Monthly Archives: September 2018

Flippin’ obvious…

Year 13 and Respiration – as I’ve blogged before, this is a story best told backwards, but I feel I’ve become so engrossed in teaching the extraordinary theory, that the investigative practical work has been a bit neglected. I feel a bit embarrassed, however, that I didn’t spot this opportunity years ago. Flippin’ obvious? See what you think…

So, we’ve powered through ATP, Chemiosmosis and how the ETC maintains the necessary proton gradient. They’ve built a molymod glucose and then oxidised it without using oxygen, to highlight how it’s the hydrogen atoms derived from glucose that are the source of the vital electrons. They know about dehydrogenase enzymes and NAD, but we’ve yet to touch either glycolysis or Krebs – the details of how glucose is stripped bare can wait.

It’s compelling stuff, but lots to take in, so as a pleasingly colorful break from the hardcore theory, I have always used a variation of an old OCR practical exam…

Fuschia Fizz

or maybe

Pink Fizz with different substrates

… and my emphasis has always been on a) making the connection between TTC reduction and dehydrogenases, and b) thinking carefully about the experimental design.

But it’s never really worked as a classroom activity, other than a fun challenge in how many ways they can describe variations of the color pink. It’s not challenging, it’s not engaging, and, to be frank, it’s not a whole lot more exciting than watching paint dry.  This is the problem with any exercise where they just have to follow a recipe; the students carry it out dutifully enough, but they inevitably end up gossiping about other things and don’t learn anything during the course of the lesson.

No more!

This year, I just presented them with the reagents and apparatus, introduced them to TTC as a Redox indicator, and then asked them to use the stuff provided to test the hypothesis that respiration:

  • involves reduction
  • of glucose
  • by living cells
  • requiring enzymes
  • and anything else that they can think of…
  • with close attention to their CONTROLS….

The difference to the lesson was, just, wow. The students were now forced to think about what they were doing and why they were doing it. Working in pairs, they spent 30 minutes planning and rationalising their strategy, before finally trying it out. They puzzled about how to record the rate of TTC reduction, they had to think very hard about why the different sugars showed different rates and why yeast could reduce TTC with no glucose added. They got things wrong and they missed things out, but they remained interested and engaged throughout, and learned far more in the process.

The final proof was half way through, with all their boiling tubes set up and slowly pinkening, when the fire alarm went off. They did not want to leave the lab – they were happy to risk a firey doom rather than miss out on the experimental results that they were personally invested in, that they had full ownership of. Reluctantly realising that this wasn’t an option, they tried to smuggle the tubes out of the lab during the evacuation, until I pointed out that this would play havoc with their careful control of temperature…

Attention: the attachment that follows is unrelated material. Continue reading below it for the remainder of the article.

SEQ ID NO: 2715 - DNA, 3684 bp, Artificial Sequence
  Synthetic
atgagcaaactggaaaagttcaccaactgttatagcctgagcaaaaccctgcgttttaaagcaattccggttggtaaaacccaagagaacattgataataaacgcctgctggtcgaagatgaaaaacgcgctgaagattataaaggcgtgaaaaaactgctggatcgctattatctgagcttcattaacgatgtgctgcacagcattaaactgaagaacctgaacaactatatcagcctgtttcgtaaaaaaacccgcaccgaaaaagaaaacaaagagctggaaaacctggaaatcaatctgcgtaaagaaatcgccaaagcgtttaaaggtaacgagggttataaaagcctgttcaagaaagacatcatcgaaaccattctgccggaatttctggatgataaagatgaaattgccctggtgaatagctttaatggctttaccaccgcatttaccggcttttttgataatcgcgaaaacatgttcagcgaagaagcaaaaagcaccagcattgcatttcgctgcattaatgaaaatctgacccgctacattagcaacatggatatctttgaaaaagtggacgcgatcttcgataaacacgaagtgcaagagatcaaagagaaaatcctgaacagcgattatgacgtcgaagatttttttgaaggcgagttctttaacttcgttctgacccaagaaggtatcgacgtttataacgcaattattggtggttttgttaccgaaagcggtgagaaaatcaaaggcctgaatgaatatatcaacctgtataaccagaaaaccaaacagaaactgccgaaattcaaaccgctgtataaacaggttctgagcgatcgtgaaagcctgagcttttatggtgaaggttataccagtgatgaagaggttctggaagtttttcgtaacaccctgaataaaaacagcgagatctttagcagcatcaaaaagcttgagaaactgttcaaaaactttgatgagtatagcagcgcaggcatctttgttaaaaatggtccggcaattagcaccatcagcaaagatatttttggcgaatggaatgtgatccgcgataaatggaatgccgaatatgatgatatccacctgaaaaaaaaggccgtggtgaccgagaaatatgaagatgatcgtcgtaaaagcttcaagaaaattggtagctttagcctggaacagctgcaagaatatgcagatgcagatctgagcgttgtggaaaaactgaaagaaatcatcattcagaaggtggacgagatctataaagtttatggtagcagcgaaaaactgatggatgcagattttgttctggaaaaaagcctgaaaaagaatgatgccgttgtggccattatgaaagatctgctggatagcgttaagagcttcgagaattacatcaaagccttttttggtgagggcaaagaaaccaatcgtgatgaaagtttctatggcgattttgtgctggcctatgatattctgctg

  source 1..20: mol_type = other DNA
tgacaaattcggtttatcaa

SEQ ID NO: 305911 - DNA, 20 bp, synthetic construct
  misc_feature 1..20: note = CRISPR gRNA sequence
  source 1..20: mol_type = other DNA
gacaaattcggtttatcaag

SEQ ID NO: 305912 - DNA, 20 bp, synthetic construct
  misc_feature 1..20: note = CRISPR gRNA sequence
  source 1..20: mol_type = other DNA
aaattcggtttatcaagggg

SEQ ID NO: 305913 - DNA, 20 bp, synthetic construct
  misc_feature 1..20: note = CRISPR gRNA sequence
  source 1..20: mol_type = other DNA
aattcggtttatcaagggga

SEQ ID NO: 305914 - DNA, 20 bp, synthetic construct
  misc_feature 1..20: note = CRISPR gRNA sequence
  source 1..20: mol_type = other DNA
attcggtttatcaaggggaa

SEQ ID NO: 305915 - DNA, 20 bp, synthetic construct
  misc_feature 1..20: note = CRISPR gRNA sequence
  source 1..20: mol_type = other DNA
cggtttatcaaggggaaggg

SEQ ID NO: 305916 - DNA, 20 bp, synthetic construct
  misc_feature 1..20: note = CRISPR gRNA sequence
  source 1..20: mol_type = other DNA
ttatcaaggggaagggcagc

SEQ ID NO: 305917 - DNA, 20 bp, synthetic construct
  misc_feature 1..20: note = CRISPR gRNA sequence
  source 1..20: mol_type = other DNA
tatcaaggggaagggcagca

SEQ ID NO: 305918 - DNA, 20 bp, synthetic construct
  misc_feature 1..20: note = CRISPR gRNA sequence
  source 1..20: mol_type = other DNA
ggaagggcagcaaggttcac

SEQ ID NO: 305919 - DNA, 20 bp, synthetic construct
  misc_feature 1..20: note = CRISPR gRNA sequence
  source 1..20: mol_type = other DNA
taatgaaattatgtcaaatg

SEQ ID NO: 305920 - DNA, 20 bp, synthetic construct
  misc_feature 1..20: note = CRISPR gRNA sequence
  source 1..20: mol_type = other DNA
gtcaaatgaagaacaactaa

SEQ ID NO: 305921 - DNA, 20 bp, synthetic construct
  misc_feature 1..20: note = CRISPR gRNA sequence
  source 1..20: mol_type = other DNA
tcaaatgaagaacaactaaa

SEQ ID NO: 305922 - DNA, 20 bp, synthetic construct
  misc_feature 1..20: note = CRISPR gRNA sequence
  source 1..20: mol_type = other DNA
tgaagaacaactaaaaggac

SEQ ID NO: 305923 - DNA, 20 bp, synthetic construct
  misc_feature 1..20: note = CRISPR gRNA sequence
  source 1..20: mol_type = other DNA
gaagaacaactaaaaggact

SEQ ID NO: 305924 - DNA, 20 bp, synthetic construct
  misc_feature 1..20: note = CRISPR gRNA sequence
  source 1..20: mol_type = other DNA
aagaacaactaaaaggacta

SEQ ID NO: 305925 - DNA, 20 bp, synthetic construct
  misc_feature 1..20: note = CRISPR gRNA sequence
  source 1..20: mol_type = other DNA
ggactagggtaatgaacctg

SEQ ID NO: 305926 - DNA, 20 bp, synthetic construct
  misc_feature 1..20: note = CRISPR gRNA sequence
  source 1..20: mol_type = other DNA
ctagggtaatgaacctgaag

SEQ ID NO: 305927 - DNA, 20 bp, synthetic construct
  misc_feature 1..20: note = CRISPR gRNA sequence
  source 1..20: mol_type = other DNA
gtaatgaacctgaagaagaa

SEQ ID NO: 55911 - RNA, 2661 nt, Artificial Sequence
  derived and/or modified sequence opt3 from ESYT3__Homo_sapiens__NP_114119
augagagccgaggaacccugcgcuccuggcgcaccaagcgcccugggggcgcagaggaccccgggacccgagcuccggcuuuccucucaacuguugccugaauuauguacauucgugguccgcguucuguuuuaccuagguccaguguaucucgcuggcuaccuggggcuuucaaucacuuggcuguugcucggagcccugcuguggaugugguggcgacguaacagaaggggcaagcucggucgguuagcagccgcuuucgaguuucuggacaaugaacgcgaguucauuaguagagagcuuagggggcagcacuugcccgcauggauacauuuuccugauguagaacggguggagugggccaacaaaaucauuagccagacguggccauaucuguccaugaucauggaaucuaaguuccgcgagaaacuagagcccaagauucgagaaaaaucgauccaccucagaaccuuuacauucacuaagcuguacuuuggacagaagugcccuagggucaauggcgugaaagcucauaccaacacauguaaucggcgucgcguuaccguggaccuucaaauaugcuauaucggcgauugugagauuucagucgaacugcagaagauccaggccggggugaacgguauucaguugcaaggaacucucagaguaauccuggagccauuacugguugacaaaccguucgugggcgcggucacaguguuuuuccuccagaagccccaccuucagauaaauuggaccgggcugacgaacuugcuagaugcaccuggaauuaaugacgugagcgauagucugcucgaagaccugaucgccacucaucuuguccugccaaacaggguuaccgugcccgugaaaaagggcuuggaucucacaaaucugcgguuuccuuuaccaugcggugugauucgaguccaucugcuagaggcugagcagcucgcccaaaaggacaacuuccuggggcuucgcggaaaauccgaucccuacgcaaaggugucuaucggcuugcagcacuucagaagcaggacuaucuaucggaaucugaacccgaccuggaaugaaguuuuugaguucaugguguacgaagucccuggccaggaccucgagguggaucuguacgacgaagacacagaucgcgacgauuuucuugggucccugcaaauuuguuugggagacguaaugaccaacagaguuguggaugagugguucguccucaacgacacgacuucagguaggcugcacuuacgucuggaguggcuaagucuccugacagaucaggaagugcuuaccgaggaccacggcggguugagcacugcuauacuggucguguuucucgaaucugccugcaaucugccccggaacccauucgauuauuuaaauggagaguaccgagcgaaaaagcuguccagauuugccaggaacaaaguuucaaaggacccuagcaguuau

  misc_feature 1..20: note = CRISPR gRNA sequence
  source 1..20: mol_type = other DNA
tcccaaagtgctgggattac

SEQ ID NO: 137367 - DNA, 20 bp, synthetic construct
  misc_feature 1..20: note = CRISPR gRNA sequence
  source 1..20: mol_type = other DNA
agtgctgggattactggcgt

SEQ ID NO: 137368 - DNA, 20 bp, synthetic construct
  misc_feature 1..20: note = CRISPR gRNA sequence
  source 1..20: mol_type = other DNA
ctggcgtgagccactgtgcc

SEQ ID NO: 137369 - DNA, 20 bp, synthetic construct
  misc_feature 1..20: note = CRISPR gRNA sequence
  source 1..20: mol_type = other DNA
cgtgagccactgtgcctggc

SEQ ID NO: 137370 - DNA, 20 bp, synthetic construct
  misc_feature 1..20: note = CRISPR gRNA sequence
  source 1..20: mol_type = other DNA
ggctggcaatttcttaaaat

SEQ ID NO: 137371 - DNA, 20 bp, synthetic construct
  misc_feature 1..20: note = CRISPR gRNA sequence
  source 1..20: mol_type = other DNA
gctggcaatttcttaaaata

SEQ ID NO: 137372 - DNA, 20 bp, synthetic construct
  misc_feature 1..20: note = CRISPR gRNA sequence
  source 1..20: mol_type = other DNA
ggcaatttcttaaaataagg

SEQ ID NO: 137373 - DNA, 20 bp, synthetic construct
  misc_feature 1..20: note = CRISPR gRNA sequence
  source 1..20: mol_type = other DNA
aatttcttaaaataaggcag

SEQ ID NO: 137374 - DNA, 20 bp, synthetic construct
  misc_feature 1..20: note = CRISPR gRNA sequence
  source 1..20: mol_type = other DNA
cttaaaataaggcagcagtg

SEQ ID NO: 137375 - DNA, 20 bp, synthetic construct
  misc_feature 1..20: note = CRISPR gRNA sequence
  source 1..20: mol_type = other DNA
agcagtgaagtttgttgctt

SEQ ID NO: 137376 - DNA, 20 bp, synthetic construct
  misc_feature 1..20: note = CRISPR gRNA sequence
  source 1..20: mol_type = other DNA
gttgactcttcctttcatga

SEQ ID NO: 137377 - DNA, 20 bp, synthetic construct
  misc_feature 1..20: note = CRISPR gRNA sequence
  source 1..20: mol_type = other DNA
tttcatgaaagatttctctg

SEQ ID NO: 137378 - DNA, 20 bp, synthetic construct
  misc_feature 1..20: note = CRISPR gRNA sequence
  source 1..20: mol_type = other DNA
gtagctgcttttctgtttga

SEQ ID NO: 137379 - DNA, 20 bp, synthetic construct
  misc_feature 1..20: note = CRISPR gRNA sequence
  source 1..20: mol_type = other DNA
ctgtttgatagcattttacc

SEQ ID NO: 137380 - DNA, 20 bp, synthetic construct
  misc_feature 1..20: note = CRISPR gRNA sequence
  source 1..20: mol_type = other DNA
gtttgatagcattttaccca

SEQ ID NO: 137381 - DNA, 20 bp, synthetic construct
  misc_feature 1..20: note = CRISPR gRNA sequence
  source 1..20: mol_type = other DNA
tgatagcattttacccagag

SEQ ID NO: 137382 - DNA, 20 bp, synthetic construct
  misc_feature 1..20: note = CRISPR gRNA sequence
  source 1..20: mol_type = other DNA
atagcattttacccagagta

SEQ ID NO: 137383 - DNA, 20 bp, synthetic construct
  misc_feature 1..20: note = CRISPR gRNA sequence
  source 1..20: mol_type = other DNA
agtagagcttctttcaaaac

So out we went, with lots of anguished glances back at their tubes of pink yeastiness.

(Happily, there was plenty of time for them to get back into the lab and finish off their investigation).

So a resounding success – he says modestly – but note how easy it is. I changed nothing about the practical, nothing to the technician’s order form – I just saved a few pence on photocopying the recipe. Flipping at its purest and best. Give it a go!

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Long time, no burble…

Yes, still here, still teaching Biology, still trying new things…

Here’s an idea that worked quite well, with both my Year 10 classes this year.

Each desk (of two students) has a little tray with four small beakers and two teaspoons. The four small beakers contain, respectively, water, sugar, salt, and a solution of red colored food dye.

Arranged around the outside of the lab are 20 large beakers, completely empty.

The game is this – each of the large beakers must receive a small amount (say, the amount you could get on the very end of a teaspoon) from each desk every 20 seconds. All clear? Good.

Go!

Pandemonium ensues, as students race back and forth across the lab, transporting small amounts of sugar/salt/water/red liquid from the small beakers on their desk to the large beakers around the lab.

It’s hilarious to watch, as they get increasingly frantic, especially as I’m shouting out the 20 second intervals, and pointing out large beakers that are conspicuously empty. But after 4 or 5 minutes, it’s time to yell…

“Stop!!!”

And gently admonish them for being so wastefully inefficient. There is, I assure them, a much much easier way of achieving the same thing. Can anyone suggest an improvement?

And in both classes, one bright spark said, “Why not just put the sugar and salt and water and red liquid together?”

Go on then, I say, do it.

The bright spark demonstrates by pouring everything into one small beaker, producing a vivid red liquid which is mainly water with the various solutes dissolved in it. They then walk slowly around the edge of the lab, putting a tiny drop from their beaker into each of the large beakers.

What, I ask, has this person just made? And what do the large beakers represent?

The colour provides a handy clue. Yes, it’s blood…. which means the beakers are…? Exactly – the cells/tissues.

…there follows a discussion on why water is such a great transport medium – dissolve stuff in it, and wherever the water goes, the dissolved stuff goes too – and then we can introduce the structure of plasma and the functions of blood.

More next week, on practical Genomics….